This has then given respective ruling parties in all these states an incumbency advantage. Whether all these chief ministers will succeed in their re-election bid will depend on whether they can overcome issues at the constituency level, especially in terms of candidates who don’t have strong track records. But it is increasingly clear to me that the chief ministers have put their parties in a strong position.

Many Malaysian voters have begun choosing governments not on the basis of party ideology and long-prevailing preferences but on specific party leaders. This trend has become more obvious with an increasing number of young people emerging as a major voting bloc. That’s because, in general, party loyalty and party identification among the youth is weaker compared with older Malaysian voters. Perhaps the youth have realized that it is better to focus on leaders rather than parties as there are good and bad leaders in all parties.

People are craving for leaders who are honest, easily accessible and have a strong, pro-rural and pro-people orientation. Incumbent chief ministers of the latest poll-bound states don’t necessarily have all these qualities. Yet, overall, they have performed remarkably well on these attributes; this is what makes it difficult for their challengers. I am not suggesting that these leaders could win without the backing and cadre of their parties. But they have added an extra element of strength and give an edge to their parties. Elections in Malaysia are increasingly focused on a specific leader is clear from recent electoral victories of Taib Mahmud in Sarawak, contributed hugely to his party’s victory.

In the case of Malacca, Mohd Ali Rustam, was barred from contesting in the UMNO elections, the UMNO Disclipinary Board found Mohd Ali guilty of violating party ethics for indulging in money politics and hence was prohibited from contesting the post of UMNO deputy president. But he still remains as the Malacca Chief Minister. In the past, it was only national leaders such as Dr Mahathir​ and Anwar Ibrahim​, and some regional icons such as Musa Aman, Pairin Kitingan and Taib Mahmud​, who had the magnetism to win on their sheer personal strength. Today, a number of chief ministers, such as Musa Aman and Lim Guan Eng, in these poll-bound states, have acquired this larger-than-party persona.

What is interesting is that all these chief ministers have emerged mainly due to their pro-development agenda. Most of them have implemented welfare-oriented and populist programmes to woo the electorate. Financial assistance schemes targeting the poor as well as rapid strides in basic infrastructure such as roads and bridges especially in Sabah have all been priorities for the respective chief ministers. These smart chief ministers have found a way of potentially overcoming the dreaded anti-incumbency factor so prevalent in Malaysian elections.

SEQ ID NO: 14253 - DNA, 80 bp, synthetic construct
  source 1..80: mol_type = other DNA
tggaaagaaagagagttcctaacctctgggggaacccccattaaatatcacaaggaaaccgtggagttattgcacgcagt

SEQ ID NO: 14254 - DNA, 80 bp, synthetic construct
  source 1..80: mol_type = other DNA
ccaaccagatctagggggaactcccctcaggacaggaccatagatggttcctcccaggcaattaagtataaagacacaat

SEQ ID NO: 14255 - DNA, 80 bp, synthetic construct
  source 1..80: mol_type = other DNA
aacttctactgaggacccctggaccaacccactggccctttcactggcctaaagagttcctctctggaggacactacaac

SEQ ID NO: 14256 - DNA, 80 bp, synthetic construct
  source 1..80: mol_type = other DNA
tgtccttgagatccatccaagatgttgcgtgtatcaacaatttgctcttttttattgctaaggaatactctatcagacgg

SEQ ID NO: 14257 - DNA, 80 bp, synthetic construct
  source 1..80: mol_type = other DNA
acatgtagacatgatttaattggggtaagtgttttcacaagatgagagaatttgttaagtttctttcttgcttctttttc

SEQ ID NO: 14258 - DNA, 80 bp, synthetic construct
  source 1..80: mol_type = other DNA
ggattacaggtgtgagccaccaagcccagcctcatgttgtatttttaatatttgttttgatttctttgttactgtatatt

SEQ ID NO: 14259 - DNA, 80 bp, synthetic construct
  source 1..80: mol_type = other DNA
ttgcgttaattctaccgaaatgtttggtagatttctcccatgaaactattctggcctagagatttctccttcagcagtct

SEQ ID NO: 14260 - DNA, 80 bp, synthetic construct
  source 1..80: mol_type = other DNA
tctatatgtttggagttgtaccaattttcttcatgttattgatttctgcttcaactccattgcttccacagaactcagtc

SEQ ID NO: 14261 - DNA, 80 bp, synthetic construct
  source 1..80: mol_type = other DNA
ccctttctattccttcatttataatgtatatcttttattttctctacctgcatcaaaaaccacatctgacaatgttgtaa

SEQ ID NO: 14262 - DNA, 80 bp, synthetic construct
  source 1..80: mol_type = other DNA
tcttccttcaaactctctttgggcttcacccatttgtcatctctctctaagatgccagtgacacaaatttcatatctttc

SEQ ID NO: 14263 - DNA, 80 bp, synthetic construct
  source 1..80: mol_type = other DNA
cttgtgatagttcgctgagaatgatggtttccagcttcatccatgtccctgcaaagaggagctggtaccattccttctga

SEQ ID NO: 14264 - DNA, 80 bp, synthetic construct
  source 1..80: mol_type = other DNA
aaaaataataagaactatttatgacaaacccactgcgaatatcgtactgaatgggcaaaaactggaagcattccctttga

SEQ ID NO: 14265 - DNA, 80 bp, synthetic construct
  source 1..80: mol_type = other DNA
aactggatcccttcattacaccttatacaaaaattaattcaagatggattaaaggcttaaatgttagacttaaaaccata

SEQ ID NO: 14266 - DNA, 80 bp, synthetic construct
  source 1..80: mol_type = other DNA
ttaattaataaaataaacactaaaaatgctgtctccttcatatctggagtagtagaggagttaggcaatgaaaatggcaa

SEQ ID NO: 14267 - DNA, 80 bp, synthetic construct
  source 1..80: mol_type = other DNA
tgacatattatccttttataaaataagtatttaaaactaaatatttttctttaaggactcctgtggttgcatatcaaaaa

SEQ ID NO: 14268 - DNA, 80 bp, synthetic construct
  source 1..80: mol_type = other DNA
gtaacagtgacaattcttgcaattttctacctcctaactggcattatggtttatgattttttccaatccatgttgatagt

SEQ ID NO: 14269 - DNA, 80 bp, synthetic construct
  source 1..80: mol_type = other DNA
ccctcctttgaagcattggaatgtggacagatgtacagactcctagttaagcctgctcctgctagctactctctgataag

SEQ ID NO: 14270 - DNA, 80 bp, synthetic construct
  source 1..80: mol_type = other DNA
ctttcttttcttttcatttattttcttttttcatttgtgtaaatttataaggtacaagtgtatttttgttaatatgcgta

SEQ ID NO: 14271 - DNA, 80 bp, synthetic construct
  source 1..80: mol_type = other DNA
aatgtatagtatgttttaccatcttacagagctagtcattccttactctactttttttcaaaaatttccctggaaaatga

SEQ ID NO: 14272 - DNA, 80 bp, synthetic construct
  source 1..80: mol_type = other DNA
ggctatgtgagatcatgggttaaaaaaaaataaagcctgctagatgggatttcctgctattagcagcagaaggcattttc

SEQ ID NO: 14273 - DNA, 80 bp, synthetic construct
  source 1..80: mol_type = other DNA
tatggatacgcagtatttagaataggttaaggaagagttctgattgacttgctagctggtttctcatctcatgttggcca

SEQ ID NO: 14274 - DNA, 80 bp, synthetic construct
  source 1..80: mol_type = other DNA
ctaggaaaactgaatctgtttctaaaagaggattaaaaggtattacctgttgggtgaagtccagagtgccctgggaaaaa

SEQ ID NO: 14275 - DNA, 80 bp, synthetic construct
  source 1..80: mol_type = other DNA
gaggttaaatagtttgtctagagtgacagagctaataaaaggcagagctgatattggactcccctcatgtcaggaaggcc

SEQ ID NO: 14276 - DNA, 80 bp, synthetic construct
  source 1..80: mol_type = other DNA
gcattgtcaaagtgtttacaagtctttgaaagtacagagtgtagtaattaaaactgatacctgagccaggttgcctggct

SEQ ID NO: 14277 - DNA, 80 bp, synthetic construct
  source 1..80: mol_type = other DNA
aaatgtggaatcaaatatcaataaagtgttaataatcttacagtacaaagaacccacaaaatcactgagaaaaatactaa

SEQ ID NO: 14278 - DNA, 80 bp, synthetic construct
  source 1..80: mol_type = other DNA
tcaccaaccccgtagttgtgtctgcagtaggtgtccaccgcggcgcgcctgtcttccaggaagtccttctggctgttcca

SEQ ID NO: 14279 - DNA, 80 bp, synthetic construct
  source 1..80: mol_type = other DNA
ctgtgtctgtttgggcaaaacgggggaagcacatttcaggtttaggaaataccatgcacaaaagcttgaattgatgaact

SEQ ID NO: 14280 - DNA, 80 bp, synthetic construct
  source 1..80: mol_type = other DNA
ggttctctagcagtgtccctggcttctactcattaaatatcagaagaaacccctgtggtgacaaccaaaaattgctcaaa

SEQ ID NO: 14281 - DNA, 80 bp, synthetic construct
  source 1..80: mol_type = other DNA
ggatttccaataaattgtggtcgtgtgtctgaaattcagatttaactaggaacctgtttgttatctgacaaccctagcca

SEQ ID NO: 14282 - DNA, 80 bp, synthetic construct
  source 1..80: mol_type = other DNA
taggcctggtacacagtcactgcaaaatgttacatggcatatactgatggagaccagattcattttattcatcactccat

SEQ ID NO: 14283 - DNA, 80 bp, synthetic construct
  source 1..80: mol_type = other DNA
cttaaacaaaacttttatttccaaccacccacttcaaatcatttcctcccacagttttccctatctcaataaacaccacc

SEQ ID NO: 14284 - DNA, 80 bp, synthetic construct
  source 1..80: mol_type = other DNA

What this suggests is that parties ought to announce leaders in every state, especially those in the opposition, and let these leaders build up a profile. UMNO is benefiting in Sabah due to the image of Musa Aman as an urbane, decent and efficient chief minister. The recent visit to Sabah by Wu Bangguo, member of the Standing Committee of the Political Bureau of the Central Committee of the Communist Party of China and even the visit by Duke and Duchess of Cambridge, Prince William and his wife Cathrine, all confirms that Musa has done a fantastic job in Sabah. Its a fact Sabah is the most successful state in Malaysia in attracting private investments. For the first quarter of 2012, Sabah under Musa Aman managed to attract private investments in the amount of RM10 billion, way ahead of other states. Among the reasons is having a stable, business friendly and a prudent government besides the environment in Sabah is well protected because of Sabah’s stringent forestry laws and strong conservation programme. Yet, the party’s’ dogged refusal to announce its chief ministerial candidates in other states, even where popular leaders are available and willing, is going against the voters’ tendency to choose leaders over parties.